Risks involved: All procedures done in the ICU carry a risk of bleeding or infection. Where ECMO tubing is inserted, there is also a risk of damage to the blood vessels. Impaired blood and nerve supply to the legs, damage to blood cells and the development of blood clots are also rare but recognised complications. ECMO is only used when absolutely necessary and when there are no other alternatives. It is constantly monitored for complications.
Intercostal Catheter (ICC)
Patients who have had chest or heart surgery, or trauma may need a tube (an ICC) inserted through the chest wall to drain fluid or air from around the lung (or heart). An ICC may also be required to drain collections of fluid from the chest in other circumstances (such as pneumonia).
Risks involved: All procedures done in the ICU carry a small risk of bleeding or infection. An ICC may also rarely cause damage to the lung or other parts of the body. Chest X-rays are routinely done to check for any complications.
Endotracheal Tube (ETT)
If a patient is unconscious or has severe breathing difficulty, then an ETT is placed into the windpipe (trachea). This is then connected to a ventilator. The ventilator provides assistance with breathing and additional oxygen.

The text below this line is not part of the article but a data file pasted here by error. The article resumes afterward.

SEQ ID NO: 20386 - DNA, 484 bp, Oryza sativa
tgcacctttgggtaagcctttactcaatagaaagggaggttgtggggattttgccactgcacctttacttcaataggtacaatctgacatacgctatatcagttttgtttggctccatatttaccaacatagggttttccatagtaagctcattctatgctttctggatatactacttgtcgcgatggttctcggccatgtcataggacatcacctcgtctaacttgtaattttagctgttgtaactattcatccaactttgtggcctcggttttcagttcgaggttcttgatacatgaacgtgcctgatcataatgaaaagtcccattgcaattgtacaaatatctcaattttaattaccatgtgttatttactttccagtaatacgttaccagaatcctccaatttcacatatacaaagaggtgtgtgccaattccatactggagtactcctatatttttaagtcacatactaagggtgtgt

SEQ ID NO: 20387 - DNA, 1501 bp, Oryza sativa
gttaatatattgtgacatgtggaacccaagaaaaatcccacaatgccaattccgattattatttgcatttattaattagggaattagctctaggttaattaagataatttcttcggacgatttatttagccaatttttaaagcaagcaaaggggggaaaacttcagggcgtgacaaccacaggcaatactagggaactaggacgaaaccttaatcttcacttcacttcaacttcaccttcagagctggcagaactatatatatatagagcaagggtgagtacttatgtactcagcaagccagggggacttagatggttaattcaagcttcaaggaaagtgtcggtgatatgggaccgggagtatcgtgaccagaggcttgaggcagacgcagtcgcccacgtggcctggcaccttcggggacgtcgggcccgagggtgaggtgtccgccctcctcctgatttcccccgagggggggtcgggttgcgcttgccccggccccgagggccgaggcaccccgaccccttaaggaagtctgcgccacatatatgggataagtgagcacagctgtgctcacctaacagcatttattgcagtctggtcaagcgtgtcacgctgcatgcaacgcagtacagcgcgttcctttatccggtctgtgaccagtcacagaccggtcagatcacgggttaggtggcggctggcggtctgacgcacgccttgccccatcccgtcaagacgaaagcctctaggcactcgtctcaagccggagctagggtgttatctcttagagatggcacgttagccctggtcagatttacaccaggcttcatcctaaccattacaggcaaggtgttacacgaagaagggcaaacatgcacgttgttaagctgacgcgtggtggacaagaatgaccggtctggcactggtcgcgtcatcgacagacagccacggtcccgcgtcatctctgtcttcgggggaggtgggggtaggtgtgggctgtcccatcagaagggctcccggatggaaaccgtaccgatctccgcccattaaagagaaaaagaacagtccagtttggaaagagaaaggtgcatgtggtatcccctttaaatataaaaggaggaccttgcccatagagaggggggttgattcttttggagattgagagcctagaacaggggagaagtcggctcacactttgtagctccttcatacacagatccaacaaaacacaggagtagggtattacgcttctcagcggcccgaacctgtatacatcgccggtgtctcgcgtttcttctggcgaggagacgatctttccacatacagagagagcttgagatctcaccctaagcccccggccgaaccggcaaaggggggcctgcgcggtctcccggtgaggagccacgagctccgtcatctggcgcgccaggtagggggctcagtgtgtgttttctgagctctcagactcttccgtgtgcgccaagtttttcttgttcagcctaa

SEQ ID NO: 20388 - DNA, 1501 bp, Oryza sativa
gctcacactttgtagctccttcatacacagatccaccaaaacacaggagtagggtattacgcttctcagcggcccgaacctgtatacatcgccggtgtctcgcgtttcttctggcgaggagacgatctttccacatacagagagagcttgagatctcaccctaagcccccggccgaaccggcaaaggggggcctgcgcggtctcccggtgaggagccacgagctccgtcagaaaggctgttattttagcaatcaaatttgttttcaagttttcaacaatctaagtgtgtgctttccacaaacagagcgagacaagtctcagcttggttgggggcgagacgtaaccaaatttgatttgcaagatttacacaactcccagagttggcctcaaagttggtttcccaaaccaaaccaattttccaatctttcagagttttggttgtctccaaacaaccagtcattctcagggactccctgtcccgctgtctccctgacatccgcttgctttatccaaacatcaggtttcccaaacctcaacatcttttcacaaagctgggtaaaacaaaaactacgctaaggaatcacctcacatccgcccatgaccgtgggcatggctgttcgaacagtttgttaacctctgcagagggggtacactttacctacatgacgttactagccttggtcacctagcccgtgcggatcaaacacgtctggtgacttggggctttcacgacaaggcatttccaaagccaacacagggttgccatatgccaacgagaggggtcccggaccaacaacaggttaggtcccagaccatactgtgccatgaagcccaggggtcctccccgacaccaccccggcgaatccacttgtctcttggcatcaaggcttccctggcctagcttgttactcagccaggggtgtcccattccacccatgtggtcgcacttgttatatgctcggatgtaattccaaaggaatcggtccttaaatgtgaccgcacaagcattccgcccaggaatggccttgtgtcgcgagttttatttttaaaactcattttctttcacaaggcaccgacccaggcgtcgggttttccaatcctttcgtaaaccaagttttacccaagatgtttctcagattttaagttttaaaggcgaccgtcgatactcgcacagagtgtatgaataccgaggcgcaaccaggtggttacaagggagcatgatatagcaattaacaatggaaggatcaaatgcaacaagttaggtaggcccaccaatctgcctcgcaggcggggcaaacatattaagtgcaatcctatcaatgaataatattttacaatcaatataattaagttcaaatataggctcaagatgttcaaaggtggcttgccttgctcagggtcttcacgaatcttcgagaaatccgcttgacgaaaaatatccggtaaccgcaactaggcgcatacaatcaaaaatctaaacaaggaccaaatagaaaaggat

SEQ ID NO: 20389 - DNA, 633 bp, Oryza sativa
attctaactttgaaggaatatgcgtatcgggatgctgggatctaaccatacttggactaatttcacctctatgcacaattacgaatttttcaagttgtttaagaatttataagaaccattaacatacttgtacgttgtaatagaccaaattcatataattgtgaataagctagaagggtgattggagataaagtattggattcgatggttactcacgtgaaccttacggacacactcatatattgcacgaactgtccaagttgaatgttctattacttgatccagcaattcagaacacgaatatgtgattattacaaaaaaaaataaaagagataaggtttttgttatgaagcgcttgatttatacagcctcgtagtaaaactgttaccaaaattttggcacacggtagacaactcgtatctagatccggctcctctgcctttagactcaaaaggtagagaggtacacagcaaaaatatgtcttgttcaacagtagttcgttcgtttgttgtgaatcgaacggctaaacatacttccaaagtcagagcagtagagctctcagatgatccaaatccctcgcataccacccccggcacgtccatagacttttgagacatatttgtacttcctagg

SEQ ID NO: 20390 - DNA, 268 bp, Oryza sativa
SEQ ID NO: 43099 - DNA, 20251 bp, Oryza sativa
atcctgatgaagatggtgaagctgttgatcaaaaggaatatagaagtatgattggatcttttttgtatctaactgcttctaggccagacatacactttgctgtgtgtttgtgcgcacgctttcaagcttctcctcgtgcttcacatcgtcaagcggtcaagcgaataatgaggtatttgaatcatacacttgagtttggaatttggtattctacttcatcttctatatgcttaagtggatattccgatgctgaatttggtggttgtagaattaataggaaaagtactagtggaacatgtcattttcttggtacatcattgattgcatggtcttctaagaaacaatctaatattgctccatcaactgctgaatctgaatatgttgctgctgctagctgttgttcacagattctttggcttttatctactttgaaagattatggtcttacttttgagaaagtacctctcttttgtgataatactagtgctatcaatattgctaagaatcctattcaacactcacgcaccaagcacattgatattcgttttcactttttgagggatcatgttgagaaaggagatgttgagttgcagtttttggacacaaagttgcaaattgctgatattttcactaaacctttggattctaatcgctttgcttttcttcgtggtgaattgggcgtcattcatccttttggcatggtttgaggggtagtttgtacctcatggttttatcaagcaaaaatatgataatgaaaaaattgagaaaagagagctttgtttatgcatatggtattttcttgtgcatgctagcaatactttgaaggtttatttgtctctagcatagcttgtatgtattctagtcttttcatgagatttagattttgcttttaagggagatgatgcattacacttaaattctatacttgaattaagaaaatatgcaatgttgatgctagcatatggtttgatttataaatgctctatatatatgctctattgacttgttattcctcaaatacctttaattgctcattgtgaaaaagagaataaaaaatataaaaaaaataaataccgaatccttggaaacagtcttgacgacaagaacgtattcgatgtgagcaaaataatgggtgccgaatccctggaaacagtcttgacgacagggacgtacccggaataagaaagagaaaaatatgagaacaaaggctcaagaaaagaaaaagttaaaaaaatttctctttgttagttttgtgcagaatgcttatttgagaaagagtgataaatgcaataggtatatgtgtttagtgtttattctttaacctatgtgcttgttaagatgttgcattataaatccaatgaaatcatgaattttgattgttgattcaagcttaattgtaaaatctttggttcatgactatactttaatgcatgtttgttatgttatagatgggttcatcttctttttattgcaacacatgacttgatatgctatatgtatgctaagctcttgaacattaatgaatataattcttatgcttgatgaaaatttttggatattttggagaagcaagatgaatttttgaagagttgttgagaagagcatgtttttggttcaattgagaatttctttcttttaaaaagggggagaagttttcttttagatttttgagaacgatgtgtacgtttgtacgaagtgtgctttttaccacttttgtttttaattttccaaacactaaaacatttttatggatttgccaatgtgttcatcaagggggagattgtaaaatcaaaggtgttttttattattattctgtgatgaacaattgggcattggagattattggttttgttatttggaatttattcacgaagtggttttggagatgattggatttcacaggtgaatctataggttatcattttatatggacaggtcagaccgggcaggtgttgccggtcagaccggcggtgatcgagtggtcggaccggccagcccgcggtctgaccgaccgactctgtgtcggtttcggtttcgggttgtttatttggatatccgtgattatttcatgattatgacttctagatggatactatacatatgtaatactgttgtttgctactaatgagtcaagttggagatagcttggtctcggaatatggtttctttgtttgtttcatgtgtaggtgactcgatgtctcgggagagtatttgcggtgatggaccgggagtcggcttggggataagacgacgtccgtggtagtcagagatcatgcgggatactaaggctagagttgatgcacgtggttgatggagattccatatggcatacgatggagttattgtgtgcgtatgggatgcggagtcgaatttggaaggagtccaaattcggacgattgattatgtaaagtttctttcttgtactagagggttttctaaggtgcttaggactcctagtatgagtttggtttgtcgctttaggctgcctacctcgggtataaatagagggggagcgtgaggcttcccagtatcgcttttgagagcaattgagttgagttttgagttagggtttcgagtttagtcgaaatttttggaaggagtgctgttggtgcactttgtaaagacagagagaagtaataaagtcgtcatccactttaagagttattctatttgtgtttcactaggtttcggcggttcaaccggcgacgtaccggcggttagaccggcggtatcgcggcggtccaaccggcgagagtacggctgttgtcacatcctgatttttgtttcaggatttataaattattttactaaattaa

When a patient is attached to a ventilator for a prolonged period, a tracheostomy is usually performed. This is a plastic tube which is placed directly into the windpipe (trachea) through the front of the neck. It is more comfortable than a breathing tube through the mouth and often allows better weaning from the ventilator.
Risks Involved: All procedures done in the ICU carry a small risk of bleeding or infection. There is also a risk of reduced oxygen to the body during intubation. Intubation may occasionally damage the trachea or vocal cords. An ET tube placed during intubation may stay in place for1 to 2 weeks and occasionally longer.
Blood Transfusion, Packed Red Blood Cells, Platelets, Fresh Frozen Plasma or FFP, Cryoprecipitate or Cryo, Immunoglobulins
Blood transfusions are required to correct low blood counts (low haemoglobin, anaemia) or replace blood loss due to bleeding. Other blood products listed above are used to correct abnormal or low levels of clotting factors (if a patient is bleeding or is at risk of bleeding during a procedure) and antibodies.
Risks involved: Serious reactions against transfusions are fortunately rare. However all transfusions carry a small risk of infection which may be passed on to the recipient. A recipient’s body may also react against a transfusion. These reactions may range from a mild increase in temperature to severe organ failure. The risk of a reaction is minimised by the extensive checking procedures to ensure that a patient receives the safest blood product possible. Estimates of the risk are shown below: